Review by ZowieZiggy
4 stars The Roxy fan has not been submerged by live efforts to say the least. The previous official live recording was Viva ! released in 1976 after their first split / break. Although it is mentioned on the sleeve that it was recorded in FrÚjus this album seems to be a mixture of shows from several dates in Europe in 1982. They were mixed together as one show. I really wonder why Roxy have waited for so long (eight years) to release this live record from the supporting "Avalon" tour.

The first "real" track "Can't Let Go" belong to Ferry solo repertoire. It will be featured on the album "The Bride Stripped Bare" released in 1978 and sounds completely as Roxy track (of course, should I say).

"Out Of The Blue" is solidly rendered here : a gorgeous and wild closing part brings a plus to this version. "Dance Away" is superior by far (IMO) to the studio one.

"Impossible Guitar" comes from Manzarena album "Primitive Guitars" released in 1982. It's an intrumental and wild ... guitar number. To show Phil's virtuosity, I guess. Succeeded.

While I reproached to Viva! to have forgotten most of Roxy's smash hits or great numbers, we get some other ones here : "Out Of The Blue", "A Song for Europe", "Love Is the Drug" and "Editions of You".

We have a very good cover version of a Neil Young song : "Like a Hurricane" : this song will be completely Roxy-cised if you see what I mean. One of the highlights. Fantastic guitar work from Phil.

There are a few tracks (four) from their late albums but not too much (which is fine with me, since I do not really like it). The finale of "My Only Love" is really extraordinary.

"Both Ends Burning" was already featured on Viva! Since it is one of my Roxy fave, I do not complain. The problem with this version, is that for almost four minutes it is hardly recognizable and very weak. Only the last portion features again a great solo from Phil. This great numbers is poorly rendered here and that's a pity.

Their homage to John Lennon is a good way to close this live album. Melancholic, tranquil and nice. It was only released as a single and it will be the only one to have reached the first spot in the UK charts.

In terms of entertainment, Bryan does not excell in this genre. I mentioned this already in my Viva! review. I confirm this fo having seen them three times live (as a band or performing solo).

So, no surprise here. No joke, (almost) no comments. Still, I would rate it four stars (but I'm quite a Roxy fan).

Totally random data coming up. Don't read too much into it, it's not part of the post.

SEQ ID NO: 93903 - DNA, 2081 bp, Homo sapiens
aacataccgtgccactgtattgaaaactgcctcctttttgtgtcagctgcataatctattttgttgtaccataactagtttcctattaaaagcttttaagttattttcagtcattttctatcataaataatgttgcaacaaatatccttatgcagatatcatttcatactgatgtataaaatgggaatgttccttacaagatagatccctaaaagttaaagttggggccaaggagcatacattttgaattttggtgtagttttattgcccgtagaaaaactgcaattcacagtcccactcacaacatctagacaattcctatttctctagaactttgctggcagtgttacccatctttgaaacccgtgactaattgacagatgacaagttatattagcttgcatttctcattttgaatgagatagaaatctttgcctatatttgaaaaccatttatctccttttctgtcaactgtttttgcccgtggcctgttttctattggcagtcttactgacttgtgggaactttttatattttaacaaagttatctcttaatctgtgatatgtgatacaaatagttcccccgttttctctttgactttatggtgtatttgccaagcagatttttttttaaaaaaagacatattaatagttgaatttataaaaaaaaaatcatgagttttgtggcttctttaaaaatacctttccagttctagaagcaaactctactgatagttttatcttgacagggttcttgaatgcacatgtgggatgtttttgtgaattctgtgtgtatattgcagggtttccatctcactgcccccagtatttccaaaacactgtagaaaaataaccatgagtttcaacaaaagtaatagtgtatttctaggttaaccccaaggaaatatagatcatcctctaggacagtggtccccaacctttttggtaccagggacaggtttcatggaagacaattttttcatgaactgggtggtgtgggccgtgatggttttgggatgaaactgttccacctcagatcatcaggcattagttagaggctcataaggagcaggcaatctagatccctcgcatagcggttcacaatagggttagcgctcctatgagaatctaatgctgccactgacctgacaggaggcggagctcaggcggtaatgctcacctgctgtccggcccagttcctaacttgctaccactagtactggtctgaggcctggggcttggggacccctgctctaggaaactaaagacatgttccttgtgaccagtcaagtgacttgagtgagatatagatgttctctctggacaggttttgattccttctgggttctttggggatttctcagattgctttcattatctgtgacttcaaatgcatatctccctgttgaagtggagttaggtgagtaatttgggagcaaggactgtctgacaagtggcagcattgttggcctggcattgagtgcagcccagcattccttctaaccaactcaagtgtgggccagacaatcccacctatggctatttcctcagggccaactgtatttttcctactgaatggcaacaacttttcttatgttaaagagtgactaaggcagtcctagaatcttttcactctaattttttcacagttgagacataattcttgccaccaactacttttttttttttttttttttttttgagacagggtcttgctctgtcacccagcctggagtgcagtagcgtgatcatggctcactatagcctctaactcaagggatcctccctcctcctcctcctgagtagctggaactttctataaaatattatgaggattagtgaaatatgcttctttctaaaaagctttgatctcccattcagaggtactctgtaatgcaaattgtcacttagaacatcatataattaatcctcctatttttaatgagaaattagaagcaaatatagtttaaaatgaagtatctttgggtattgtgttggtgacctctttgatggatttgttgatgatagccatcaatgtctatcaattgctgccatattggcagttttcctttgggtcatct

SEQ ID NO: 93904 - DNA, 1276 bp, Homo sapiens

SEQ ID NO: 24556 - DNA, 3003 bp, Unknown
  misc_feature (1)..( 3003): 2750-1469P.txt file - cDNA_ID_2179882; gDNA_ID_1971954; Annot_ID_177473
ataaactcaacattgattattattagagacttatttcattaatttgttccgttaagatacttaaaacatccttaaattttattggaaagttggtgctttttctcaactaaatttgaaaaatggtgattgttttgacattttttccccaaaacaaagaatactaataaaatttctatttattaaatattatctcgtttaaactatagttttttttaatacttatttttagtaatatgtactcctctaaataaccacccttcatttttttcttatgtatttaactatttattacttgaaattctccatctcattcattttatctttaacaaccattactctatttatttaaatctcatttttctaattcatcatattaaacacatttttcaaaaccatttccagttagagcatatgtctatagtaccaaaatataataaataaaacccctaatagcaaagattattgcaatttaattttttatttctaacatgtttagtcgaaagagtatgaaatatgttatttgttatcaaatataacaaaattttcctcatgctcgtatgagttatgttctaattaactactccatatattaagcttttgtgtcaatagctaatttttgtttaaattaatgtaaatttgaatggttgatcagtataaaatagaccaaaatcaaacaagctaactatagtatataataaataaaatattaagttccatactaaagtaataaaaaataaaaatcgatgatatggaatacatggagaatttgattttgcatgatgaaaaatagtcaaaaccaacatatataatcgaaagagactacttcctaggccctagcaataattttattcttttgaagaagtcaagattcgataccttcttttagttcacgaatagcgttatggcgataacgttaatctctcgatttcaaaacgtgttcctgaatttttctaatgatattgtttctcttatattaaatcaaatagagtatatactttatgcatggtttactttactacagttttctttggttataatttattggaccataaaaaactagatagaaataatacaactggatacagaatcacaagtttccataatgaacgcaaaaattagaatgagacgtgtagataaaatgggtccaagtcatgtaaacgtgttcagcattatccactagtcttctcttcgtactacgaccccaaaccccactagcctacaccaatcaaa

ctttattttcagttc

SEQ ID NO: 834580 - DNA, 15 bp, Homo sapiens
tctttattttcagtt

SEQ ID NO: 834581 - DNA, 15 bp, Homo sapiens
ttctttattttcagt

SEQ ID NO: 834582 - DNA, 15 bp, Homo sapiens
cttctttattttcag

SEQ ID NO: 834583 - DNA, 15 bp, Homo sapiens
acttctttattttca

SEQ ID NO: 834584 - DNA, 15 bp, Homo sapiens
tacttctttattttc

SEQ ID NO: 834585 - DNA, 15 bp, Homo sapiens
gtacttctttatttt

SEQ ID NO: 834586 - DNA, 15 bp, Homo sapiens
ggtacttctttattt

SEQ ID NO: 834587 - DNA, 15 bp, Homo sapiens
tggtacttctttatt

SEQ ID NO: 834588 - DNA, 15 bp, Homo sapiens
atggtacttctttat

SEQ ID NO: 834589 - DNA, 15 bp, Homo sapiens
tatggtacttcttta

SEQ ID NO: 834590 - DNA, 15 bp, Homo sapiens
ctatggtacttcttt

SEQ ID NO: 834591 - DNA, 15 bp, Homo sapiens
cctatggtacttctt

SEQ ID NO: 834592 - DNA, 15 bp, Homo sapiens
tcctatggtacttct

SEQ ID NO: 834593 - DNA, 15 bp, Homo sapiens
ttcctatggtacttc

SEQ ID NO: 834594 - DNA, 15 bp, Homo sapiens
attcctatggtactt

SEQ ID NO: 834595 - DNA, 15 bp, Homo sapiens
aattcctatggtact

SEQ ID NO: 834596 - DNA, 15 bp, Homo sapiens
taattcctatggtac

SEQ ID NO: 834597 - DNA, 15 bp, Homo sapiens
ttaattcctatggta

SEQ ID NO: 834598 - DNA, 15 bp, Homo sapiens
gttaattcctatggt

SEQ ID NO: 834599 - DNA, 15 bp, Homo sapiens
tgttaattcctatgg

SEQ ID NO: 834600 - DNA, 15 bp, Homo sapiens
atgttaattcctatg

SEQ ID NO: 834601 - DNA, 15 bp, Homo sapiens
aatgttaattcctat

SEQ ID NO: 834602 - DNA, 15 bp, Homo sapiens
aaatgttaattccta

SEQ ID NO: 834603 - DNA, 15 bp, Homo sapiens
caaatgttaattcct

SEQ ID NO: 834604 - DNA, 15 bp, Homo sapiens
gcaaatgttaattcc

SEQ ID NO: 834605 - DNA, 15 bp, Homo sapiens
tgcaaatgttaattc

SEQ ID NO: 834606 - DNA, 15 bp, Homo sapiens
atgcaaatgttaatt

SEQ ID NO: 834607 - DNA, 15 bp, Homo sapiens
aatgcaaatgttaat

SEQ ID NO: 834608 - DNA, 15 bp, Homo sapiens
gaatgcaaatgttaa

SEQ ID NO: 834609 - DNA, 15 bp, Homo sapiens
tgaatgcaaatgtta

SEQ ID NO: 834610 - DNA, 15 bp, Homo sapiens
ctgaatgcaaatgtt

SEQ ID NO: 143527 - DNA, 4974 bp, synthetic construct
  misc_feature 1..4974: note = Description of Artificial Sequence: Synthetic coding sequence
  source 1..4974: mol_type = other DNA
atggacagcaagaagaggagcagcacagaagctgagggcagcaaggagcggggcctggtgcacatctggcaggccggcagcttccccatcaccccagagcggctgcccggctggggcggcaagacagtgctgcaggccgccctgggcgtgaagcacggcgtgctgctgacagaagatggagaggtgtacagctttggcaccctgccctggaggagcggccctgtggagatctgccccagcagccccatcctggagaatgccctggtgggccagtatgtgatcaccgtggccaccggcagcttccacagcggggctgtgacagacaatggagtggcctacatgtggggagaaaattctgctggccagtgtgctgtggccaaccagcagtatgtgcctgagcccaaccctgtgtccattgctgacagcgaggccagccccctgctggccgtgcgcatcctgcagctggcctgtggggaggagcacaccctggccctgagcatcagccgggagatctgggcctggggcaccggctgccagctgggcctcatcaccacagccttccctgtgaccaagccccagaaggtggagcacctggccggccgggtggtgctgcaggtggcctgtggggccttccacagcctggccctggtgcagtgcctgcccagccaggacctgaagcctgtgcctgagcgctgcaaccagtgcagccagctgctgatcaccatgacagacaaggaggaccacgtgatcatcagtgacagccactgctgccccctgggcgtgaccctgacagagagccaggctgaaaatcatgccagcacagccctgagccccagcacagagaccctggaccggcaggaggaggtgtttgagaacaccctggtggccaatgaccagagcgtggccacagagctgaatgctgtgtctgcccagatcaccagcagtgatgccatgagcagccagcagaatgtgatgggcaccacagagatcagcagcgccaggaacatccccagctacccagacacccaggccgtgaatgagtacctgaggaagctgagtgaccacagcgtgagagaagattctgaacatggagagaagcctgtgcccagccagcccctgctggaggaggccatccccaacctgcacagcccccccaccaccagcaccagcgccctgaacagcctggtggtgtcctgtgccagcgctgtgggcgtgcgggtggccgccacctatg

Review by Neu!mann
2 stars The title of this posthumous live album, belatedly released eight long years after the band's 1982 studio swan song "Avalon", is almost too appropriate: what you're hearing is the comatose fossil of an all but exhausted creative spirit, its vital functions maintained only by the artificial life support of constant touring.

They may not have officially broken up yet, but the group on stage in southern France in 1982 was only a thin facsimile of the Roxy Music that had blazed such a glamorous path across the previous decade. The backbone beat of drummer Paul Thompson was gone; the signature sound and presence of Eddie Jobson's Plexiglas violin was gone; and of course the one and only Eno had retired his feather boas and VCS3 doodles years earlier.

What remained was strictly a vehicle for the debonair crooning of Bryan Ferry, with old-timers Andy Mackay and Phil Manzanera, who as much as anyone had defined the classic Roxy Music sound, reduced to the level of near-anonymous hired hands. For proof, you only have to compare the negligible differences separating the last few Roxy albums from the subsequent arc of Ferry's solo career in the mid- to late-1980s.

The silver lining is that these guys could still play, even when simply going through the motions. Lend an ear to the energetic reading of "Can't Let Go", from Bryan Ferry's underappreciated 1978 album "The Bride Stripped Bare", and to the stately "Song For Europe", featuring a rare moment of ecstatic soloing by sax man Andy Mackay, showing more passion than he was normally allowed in the otherwise strictly regimented Roxy hierarchy.